TikTok’s Rights Stand-Off with Universal Music Could See More Tracks Pulled From the App

The fallout from TikTok’s failure to reach a new licensing agreement with Universal Music continues, with Universal now pushing to have all tracks on which its artists have even contributed pulled from the app.

As reported by BBC, after TikTok already muting all Universal artists’ tracks in the wake of the licensing dispute, it may also now have to also remove a heap more songs that include input from Universal-signed performers.   

As per BBC:

This means that videos featuring songs by artists such as Harry Styles and Adele, who have written with Universal-signed artists, could soon be muted. TikTok says up to 30% of what it calls “popular songs” could be lost.”

But it might actually be even worse than that, with some industry insiders suggesting that this next level of the TikTok-Universal dispute could see up to 80% of all music in the shut down, due to varying contributions and “split copyright” with Universal artists.

Which would be a devastating blow for the app, especially given its efforts to capitalize on its connection to the music industry.

In recent years, TikTok has become a key link between musicians and their fans, with up to 75% of TikTok users indicating that they now find new artists via TikTok clips.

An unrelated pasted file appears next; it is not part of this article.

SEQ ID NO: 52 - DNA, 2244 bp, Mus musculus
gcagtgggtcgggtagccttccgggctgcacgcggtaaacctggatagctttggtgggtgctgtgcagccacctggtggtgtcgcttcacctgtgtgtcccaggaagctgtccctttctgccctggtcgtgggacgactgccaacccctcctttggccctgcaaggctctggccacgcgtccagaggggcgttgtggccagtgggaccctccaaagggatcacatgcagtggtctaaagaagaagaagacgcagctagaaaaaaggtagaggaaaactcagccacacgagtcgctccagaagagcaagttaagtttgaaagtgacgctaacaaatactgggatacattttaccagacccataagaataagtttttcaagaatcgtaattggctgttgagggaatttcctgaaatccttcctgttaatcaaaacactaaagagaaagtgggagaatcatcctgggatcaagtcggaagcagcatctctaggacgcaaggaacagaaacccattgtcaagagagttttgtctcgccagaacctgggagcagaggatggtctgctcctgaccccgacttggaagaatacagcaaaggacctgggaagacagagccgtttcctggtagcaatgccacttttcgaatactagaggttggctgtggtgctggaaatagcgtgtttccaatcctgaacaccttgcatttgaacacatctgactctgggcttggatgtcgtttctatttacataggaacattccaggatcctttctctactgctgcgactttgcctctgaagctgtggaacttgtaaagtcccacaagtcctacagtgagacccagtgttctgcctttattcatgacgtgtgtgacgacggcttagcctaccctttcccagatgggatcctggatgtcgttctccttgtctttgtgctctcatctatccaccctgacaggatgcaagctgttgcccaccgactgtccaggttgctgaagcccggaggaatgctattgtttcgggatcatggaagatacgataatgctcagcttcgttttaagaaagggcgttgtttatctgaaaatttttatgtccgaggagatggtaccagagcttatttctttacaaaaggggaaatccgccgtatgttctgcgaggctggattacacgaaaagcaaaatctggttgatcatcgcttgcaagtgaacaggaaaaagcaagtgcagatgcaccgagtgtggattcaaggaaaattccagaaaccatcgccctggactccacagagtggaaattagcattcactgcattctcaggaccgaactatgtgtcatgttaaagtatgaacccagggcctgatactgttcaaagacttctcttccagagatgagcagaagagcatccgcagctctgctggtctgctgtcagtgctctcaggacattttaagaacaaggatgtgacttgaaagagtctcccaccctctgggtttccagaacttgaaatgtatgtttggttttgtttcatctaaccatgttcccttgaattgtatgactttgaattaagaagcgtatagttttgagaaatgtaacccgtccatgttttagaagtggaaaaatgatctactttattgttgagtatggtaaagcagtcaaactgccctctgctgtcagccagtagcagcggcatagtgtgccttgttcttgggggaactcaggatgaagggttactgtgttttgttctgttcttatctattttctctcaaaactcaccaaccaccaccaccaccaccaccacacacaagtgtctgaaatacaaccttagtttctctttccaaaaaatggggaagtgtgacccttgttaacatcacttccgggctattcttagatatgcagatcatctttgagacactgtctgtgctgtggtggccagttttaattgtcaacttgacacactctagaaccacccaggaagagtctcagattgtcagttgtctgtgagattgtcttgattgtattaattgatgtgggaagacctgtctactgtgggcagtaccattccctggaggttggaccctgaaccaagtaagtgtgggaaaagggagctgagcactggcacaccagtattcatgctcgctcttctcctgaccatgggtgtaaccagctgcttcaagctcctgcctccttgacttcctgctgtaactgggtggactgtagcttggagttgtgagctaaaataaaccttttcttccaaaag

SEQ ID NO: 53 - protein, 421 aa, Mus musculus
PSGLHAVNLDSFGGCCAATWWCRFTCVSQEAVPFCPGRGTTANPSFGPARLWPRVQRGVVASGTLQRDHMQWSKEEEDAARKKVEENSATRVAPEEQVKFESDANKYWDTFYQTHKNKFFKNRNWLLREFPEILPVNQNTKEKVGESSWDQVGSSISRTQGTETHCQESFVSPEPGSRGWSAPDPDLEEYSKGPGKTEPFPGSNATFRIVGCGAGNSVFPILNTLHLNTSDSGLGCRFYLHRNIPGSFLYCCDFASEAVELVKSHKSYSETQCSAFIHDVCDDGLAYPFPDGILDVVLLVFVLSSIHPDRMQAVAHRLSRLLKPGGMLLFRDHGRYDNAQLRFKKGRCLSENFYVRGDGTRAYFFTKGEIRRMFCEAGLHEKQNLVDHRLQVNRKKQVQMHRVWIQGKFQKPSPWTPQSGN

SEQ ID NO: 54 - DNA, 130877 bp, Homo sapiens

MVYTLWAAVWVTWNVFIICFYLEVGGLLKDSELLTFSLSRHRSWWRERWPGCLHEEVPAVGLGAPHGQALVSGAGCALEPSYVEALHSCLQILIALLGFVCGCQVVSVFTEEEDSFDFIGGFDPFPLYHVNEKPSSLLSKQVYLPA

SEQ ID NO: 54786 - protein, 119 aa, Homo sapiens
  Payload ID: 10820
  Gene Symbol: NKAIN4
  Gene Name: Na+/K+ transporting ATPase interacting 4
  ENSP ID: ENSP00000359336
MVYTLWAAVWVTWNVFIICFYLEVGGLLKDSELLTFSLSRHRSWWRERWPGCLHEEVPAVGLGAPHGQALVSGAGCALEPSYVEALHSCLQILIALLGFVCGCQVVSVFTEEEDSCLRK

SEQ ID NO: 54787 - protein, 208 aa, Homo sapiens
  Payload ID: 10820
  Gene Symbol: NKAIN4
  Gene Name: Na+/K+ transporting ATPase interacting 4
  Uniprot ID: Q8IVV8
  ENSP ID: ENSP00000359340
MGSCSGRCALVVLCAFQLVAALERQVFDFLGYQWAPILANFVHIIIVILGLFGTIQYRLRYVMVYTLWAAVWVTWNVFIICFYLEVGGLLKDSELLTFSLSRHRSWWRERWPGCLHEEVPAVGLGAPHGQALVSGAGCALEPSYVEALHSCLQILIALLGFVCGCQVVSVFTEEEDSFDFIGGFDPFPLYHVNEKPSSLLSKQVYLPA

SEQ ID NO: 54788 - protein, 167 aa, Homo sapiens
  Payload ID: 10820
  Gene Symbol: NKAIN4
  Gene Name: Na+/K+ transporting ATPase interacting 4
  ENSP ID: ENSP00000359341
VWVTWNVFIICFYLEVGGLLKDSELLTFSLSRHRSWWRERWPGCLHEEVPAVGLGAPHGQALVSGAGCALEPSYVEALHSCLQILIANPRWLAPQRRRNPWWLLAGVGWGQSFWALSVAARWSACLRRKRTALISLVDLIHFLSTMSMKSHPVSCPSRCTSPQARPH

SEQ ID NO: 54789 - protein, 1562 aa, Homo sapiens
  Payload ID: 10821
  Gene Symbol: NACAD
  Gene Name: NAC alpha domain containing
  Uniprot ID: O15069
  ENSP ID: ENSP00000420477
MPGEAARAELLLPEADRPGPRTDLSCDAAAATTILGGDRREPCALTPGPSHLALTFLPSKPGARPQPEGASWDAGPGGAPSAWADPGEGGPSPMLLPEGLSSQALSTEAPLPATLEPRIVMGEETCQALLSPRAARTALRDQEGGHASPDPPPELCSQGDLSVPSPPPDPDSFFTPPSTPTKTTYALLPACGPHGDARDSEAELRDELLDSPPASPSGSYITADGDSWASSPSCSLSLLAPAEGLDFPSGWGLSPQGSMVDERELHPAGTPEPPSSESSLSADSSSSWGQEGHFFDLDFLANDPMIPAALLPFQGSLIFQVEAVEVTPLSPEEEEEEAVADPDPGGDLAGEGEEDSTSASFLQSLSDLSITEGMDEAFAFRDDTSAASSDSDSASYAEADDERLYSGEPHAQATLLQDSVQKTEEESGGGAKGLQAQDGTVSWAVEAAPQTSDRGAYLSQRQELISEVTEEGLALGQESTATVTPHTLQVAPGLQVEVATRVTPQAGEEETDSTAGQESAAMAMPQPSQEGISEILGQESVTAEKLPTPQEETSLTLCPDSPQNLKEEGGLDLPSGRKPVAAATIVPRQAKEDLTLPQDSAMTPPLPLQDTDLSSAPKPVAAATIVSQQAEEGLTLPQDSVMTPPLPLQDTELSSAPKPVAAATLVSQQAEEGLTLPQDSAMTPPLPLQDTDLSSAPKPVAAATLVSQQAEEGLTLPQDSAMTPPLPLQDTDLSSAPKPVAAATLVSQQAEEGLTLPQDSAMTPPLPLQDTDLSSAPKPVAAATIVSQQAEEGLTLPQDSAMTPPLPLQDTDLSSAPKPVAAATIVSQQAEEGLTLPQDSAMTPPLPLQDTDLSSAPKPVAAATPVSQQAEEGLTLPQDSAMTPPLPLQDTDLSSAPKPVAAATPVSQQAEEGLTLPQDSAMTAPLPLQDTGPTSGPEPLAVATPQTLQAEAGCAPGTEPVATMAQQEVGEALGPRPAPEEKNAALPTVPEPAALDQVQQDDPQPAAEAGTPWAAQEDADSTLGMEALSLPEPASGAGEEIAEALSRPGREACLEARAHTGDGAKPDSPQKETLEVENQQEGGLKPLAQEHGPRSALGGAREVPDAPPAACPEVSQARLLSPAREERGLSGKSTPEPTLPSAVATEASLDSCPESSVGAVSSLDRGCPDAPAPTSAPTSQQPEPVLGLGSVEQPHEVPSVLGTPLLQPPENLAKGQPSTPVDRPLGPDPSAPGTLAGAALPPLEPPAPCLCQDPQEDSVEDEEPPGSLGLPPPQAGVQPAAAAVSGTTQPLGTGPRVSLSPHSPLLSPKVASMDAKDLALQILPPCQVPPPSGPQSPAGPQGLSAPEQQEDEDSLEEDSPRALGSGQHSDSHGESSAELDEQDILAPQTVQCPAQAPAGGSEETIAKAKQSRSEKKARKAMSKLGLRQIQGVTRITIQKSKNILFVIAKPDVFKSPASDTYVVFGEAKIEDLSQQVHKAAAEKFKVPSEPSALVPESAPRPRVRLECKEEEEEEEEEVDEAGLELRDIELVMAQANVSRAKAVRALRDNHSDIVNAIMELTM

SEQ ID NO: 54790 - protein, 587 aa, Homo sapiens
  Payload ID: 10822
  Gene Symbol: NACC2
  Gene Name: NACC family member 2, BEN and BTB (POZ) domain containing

That, in turn, has made TikTok a critical consideration for record labels looking to showcase their artists and tracks. The platform has already sparked new careersrejuvenated older ones, and even now has some artists changing the names of their songs to better align with in-app trends.

Late last year, TikTok even went so far as to host its first-ever live music festival, solidifying its music industry presence. But now, with more music being removed as a result of its contractual issues, that could see it lose ground to YouTube Shorts and Instagram instead, where people can engage with the latest music trends.

The core of the dispute seems to be a debate over which is more valuable, TikTok as a promotional platform, or Universal, as a provider of top music content. With both sides feeling that they have the upper hand in negotiations, that’s left each at a stalemate, which, you would assume (given the money on the live) will eventually get resolved.

But it hasn’t yet, and with Universal upping the ante, that does seem to suggest that the two sides aren’t yet close to a new deal.

Though maybe this is another nudge in that direction, and maybe this will all be resolved by next week, and it’ll be a non-issue in the long run. But it is a concern, which could highlight just how reliant TikTok and Universal are on each other for promotion and usage.

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